However, it is not the escape they need and it is being used and abused by women who have one goal in mind. They create this fantasy world and manipulate people who are very lonely to their end goal; money. We also have to realise this is very different from the Wolf of Wall Street lifestyle and very different people using it. Its privacy means it could be literally anyone.

There is a reason women can happily quit studies and earn $30,000 a month off OnlyFans. They are taking advantage of unhappy, lonely men who are seriously missing something from there life that Onlyfans shouldn’t fill.

I’m not saying they shouldn’t make a quick £10 maybe £20 off the odd person, that’s fine. But that doesn’t pay for a $30,000 a month lifestyle. It is people who are spending hundreds and thousands of pounds on OnlyFans or Babestation or any other pay to play platform, which they really can’t afford. Even if they can, that’s not the price they should pay to feel accepted.

It makes me sick we celebrate taking advantage of mental health issues and we turn a blind eye to them because? Well, you know why, because of how you see them. It is time we grow up and realise that these ARE people. They need help, support, guidance and acceptance, not to be shunned and forgotten.

Written by Senior Liberal Writer, Max Anderson

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We get it, sex work is ‘dirty’ – A Labour Response

I’m not going to lie, I was really disappointed reading this article. This article managed to do two things which I really was saddened and worried by. It:

  1. Reduced women to braindead playthings or victims, incapable of independent thought and critical thinking.
  2. Demonised and invalidated sex work.

Straight up, I was confused. One minute, you’re shocked that a woman taking ownership of her sexuality “is considered pro-women”. But you “completely agree that women have the right to do whatever they want with their own bodies”. Which one is it?

It was pretty disheartening to read such dehumanising and objectifying language in regard to these OnlyFan content creators. Calling them “personalised sex toys” “who have effectively been bought by men”. Since when was a woman’s identity only comprised of pictures of her body? Thought we were past such Neanderthal thinking to tie someone’s worth to their sexual status.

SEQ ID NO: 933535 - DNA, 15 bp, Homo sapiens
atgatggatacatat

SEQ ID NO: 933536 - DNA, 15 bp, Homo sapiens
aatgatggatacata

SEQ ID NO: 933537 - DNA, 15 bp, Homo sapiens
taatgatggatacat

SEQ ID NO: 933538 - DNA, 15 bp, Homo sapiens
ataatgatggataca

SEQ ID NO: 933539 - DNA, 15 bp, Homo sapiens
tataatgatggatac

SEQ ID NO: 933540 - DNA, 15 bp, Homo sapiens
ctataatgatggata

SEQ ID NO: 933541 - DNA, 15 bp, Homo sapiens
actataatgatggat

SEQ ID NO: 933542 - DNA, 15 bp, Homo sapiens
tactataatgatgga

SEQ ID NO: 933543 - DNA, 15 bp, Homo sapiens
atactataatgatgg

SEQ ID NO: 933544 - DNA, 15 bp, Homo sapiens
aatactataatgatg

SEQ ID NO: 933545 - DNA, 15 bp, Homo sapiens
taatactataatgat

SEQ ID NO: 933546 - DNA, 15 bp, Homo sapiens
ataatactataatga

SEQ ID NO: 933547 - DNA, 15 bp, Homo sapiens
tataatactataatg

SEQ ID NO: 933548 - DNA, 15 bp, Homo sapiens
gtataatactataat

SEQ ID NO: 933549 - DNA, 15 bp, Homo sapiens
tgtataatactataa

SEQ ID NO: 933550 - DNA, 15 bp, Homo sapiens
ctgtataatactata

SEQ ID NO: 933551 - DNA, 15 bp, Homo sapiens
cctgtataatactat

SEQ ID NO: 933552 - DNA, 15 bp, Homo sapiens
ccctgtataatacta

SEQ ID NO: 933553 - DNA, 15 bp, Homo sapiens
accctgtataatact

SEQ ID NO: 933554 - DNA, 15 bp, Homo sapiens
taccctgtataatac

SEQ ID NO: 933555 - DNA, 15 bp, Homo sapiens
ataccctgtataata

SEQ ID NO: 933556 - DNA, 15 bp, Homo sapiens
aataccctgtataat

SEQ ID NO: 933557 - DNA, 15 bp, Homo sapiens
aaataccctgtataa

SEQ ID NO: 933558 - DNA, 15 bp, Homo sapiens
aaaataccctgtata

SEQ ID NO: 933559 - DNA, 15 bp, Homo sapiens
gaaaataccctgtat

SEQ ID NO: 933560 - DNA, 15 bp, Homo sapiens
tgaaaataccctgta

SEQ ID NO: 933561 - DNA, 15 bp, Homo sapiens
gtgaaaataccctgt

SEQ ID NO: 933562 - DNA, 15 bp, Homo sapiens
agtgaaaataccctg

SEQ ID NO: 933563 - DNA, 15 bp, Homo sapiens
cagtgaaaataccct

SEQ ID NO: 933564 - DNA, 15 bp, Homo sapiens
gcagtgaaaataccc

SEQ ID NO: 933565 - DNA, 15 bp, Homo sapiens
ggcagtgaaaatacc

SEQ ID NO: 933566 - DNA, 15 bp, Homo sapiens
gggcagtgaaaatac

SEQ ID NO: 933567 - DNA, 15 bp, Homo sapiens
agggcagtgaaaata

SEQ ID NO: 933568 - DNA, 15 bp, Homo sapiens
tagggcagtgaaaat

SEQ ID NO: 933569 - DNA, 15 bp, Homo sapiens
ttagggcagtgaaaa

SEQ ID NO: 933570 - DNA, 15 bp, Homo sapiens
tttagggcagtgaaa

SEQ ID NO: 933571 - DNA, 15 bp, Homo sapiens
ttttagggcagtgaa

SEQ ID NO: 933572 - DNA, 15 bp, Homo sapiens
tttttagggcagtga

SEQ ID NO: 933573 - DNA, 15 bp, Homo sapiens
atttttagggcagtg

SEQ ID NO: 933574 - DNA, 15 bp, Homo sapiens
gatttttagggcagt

Such rhetoric highlights the prevalence of the stigma that surrounds sex work. Many to this day do not consider sex work to be legitimate work, but why? OnlyFan content creators consensually and professionally provide a service for money… isn’t that the definition of a job? As long as every party within a transaction feels one hundred per cent comfortable, then all I see is a motivated worker.

Whilst sex work can be empowering, I totally acknowledge that it is an industry in which disgusting abuse and exploitation can, and does, occur. Yes, admittedly, the platform is far from perfect. OnlyFans definitely needs to implement greater safety precautions and security measures to protect its users. Better reassurances for legal prosecution against leaks should be put in place.

But rather than condemn the vulnerable, shouldn’t we be questioning why better support and rights aren’t in place? Shouldn’t this be motivation to make such environments safer? Greater legislation and policing regarding pornographic sites would allow empowerment for sex workers.

Safety is one of OnlyFans’ greatest appeal for many of its content creators. As all interactions take place online, it takes out the middleman of pervy filmmakers, sketchy porno scenes and meet-ups in person. It negates the potential for rape, physical abuse or STDs; an incredibly important aspect within a justice system which has a tendency to blame the sexually liberated woman.

A similar app is the creation of German app Peppr, acting as a go-between for sex workers and clientele. Many find it safer because, by advertising online, they don’t have to stay out on the streets. Also, prostitutes can warn colleagues of potentially dangerous or dodgy clients. So, what we’re seeing right now is simply the next step in the evolution of sex work. Yes, it’s not perfect. But hopefully, they will help the process of destigmatisation of sex work, whether it be online or in person.

Really, the implication that a woman supposedly can’t apparently be a doctor or a CEO and a sex worker says all I need to know. Look at Cardi B and Megan Thee Stallion and the hate they received for the extremely explicit ‘WAP’. They are two extremely successful rap artists, who also profit off being sexually provocative. As soon as any sense of a woman capitalising off her own sexuality is felt, heckles rise. Just say you hate women making money off sex and go.

Written by Senior Labour Writer, Abi Smuts

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Max Anderson
Publisher/ Founder at | Website

I am currently in my second year of reading Politics at the University of Exeter. My first interaction with politics was at the tender age of four years old.

Abi Smuts
Labour Senior Writer | Website

Hi, I’m Abi, a final year at Uni of Exeter studying International Relations and English. To me, it was only in A Levels that I realised how important politics was, when I was stuck in my male-only, extremely conservative Politics class having to constantly justify and defend my opinions to them.